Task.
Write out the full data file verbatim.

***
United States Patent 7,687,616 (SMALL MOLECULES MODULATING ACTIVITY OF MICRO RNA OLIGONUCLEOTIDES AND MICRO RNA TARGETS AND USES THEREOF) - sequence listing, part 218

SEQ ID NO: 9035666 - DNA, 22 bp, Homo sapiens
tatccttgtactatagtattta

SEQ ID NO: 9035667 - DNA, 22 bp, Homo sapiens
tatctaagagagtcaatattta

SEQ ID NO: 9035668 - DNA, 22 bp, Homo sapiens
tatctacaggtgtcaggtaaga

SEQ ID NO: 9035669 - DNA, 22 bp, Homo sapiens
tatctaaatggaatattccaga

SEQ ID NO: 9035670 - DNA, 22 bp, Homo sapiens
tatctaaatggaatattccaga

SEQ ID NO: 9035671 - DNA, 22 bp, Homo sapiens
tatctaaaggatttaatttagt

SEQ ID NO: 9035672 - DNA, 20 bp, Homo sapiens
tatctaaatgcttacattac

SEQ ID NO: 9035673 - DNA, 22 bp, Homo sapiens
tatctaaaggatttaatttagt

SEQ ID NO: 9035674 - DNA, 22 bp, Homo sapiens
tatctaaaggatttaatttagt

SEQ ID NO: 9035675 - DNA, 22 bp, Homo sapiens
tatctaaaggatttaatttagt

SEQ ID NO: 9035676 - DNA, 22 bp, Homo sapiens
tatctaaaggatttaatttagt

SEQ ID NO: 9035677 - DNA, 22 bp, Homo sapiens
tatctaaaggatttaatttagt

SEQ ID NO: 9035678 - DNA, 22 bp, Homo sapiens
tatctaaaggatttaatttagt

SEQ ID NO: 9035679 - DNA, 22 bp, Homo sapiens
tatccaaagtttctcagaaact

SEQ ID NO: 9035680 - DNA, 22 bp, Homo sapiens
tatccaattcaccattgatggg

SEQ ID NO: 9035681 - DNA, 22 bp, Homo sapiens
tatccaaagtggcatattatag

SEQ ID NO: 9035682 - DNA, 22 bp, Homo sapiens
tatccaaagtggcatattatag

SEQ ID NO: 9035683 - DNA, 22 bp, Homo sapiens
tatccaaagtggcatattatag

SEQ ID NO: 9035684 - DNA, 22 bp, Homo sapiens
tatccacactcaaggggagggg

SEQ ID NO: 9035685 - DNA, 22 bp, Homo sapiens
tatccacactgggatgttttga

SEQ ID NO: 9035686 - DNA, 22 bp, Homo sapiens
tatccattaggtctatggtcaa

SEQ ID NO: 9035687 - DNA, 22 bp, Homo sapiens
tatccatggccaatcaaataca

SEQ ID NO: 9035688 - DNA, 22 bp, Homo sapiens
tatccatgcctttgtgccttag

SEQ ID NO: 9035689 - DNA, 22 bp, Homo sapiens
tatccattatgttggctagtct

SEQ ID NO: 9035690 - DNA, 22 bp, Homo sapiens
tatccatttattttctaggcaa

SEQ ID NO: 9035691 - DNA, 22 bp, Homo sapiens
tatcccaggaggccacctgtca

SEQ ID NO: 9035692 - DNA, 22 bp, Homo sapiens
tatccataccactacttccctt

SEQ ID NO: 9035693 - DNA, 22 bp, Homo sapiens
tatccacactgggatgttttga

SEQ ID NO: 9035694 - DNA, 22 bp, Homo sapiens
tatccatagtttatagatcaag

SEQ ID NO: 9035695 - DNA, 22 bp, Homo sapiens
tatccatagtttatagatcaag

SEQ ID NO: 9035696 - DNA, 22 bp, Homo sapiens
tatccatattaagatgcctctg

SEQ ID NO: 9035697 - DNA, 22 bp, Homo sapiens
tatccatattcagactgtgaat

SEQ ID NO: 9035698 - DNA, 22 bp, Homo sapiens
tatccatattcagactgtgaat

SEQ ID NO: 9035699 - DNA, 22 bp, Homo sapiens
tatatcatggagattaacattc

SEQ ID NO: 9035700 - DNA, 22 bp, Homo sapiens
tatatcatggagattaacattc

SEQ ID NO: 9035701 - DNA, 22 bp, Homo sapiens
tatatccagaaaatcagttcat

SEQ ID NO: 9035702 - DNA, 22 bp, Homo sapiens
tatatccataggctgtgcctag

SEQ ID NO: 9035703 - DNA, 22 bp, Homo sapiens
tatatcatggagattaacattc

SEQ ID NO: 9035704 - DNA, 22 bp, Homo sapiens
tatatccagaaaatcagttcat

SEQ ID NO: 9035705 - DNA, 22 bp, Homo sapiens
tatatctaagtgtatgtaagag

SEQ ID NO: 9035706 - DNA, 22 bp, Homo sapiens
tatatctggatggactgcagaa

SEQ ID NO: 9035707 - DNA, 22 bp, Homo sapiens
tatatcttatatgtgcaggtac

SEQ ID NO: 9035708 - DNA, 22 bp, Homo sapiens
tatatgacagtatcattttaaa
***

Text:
United States Patent 7,687,616 (SMALL MOLECULES MODULATING ACTIVITY OF MICRO RNA OLIGONUCLEOTIDES AND MICRO RNA TARGETS AND USES THEREOF) - sequence listing, part 218

SEQ ID NO: 9035666 - DNA, 22 bp, Homo sapiens
tatccttgtactatagtattta

SEQ ID NO: 9035667 - DNA, 22 bp, Homo sapiens
tatctaagagagtcaatattta

SEQ ID NO: 9035668 - DNA, 22 bp, Homo sapiens
tatctacaggtgtcaggtaaga

SEQ ID NO: 9035669 - DNA, 22 bp, Homo sapiens
tatctaaatggaatattccaga

SEQ ID NO: 9035670 - DNA, 22 bp, Homo sapiens
tatctaaatggaatattccaga

SEQ ID NO: 9035671 - DNA, 22 bp, Homo sapiens
tatctaaaggatttaatttagt

SEQ ID NO: 9035672 - DNA, 20 bp, Homo sapiens
tatctaaatgcttacattac

SEQ ID NO: 9035673 - DNA, 22 bp, Homo sapiens
tatctaaaggatttaatttagt

SEQ ID NO: 9035674 - DNA, 22 bp, Homo sapiens
tatctaaaggatttaatttagt

SEQ ID NO: 9035675 - DNA, 22 bp, Homo sapiens
tatctaaaggatttaatttagt

SEQ ID NO: 9035676 - DNA, 22 bp, Homo sapiens
tatctaaaggatttaatttagt

SEQ ID NO: 9035677 - DNA, 22 bp, Homo sapiens
tatctaaaggatttaatttagt

SEQ ID NO: 9035678 - DNA, 22 bp, Homo sapiens
tatctaaaggatttaatttagt

SEQ ID NO: 9035679 - DNA, 22 bp, Homo sapiens
tatccaaagtttctcagaaact

SEQ ID NO: 9035680 - DNA, 22 bp, Homo sapiens
tatccaattcaccattgatggg

SEQ ID NO: 9035681 - DNA, 22 bp, Homo sapiens
tatccaaagtggcatattatag

SEQ ID NO: 9035682 - DNA, 22 bp, Homo sapiens
tatccaaagtggcatattatag

SEQ ID NO: 9035683 - DNA, 22 bp, Homo sapiens
tatccaaagtggcatattatag

SEQ ID NO: 9035684 - DNA, 22 bp, Homo sapiens
tatccacactcaaggggagggg

SEQ ID NO: 9035685 - DNA, 22 bp, Homo sapiens
tatccacactgggatgttttga

SEQ ID NO: 9035686 - DNA, 22 bp, Homo sapiens
tatccattaggtctatggtcaa

SEQ ID NO: 9035687 - DNA, 22 bp, Homo sapiens
tatccatggccaatcaaataca

SEQ ID NO: 9035688 - DNA, 22 bp, Homo sapiens
tatccatgcctttgtgccttag

SEQ ID NO: 9035689 - DNA, 22 bp, Homo sapiens
tatccattatgttggctagtct

SEQ ID NO: 9035690 - DNA, 22 bp, Homo sapiens
tatccatttattttctaggcaa

SEQ ID NO: 9035691 - DNA, 22 bp, Homo sapiens
tatcccaggaggccacctgtca

SEQ ID NO: 9035692 - DNA, 22 bp, Homo sapiens
tatccataccactacttccctt

SEQ ID NO: 9035693 - DNA, 22 bp, Homo sapiens
tatccacactgggatgttttga

SEQ ID NO: 9035694 - DNA, 22 bp, Homo sapiens
tatccatagtttatagatcaag

SEQ ID NO: 9035695 - DNA, 22 bp, Homo sapiens
tatccatagtttatagatcaag

SEQ ID NO: 9035696 - DNA, 22 bp, Homo sapiens
tatccatattaagatgcctctg

SEQ ID NO: 9035697 - DNA, 22 bp, Homo sapiens
tatccatattcagactgtgaat

SEQ ID NO: 9035698 - DNA, 22 bp, Homo sapiens
tatccatattcagactgtgaat

SEQ ID NO: 9035699 - DNA, 22 bp, Homo sapiens
tatatcatggagattaacattc

SEQ ID NO: 9035700 - DNA, 22 bp, Homo sapiens
tatatcatggagattaacattc

SEQ ID NO: 9035701 - DNA, 22 bp, Homo sapiens
tatatccagaaaatcagttcat

SEQ ID NO: 9035702 - DNA, 22 bp, Homo sapiens
tatatccataggctgtgcctag

SEQ ID NO: 9035703 - DNA, 22 bp, Homo sapiens
tatatcatggagattaacattc

SEQ ID NO: 9035704 - DNA, 22 bp, Homo sapiens
tatatccagaaaatcagttcat

SEQ ID NO: 9035705 - DNA, 22 bp, Homo sapiens
tatatctaagtgtatgtaagag

SEQ ID NO: 9035706 - DNA, 22 bp, Homo sapiens
tatatctggatggactgcagaa

SEQ ID NO: 9035707 - DNA, 22 bp, Homo sapiens
tatatcttatatgtgcaggtac

SEQ ID NO: 9035708 - DNA, 22 bp, Homo sapiens
tatatgacagtatcattttaaa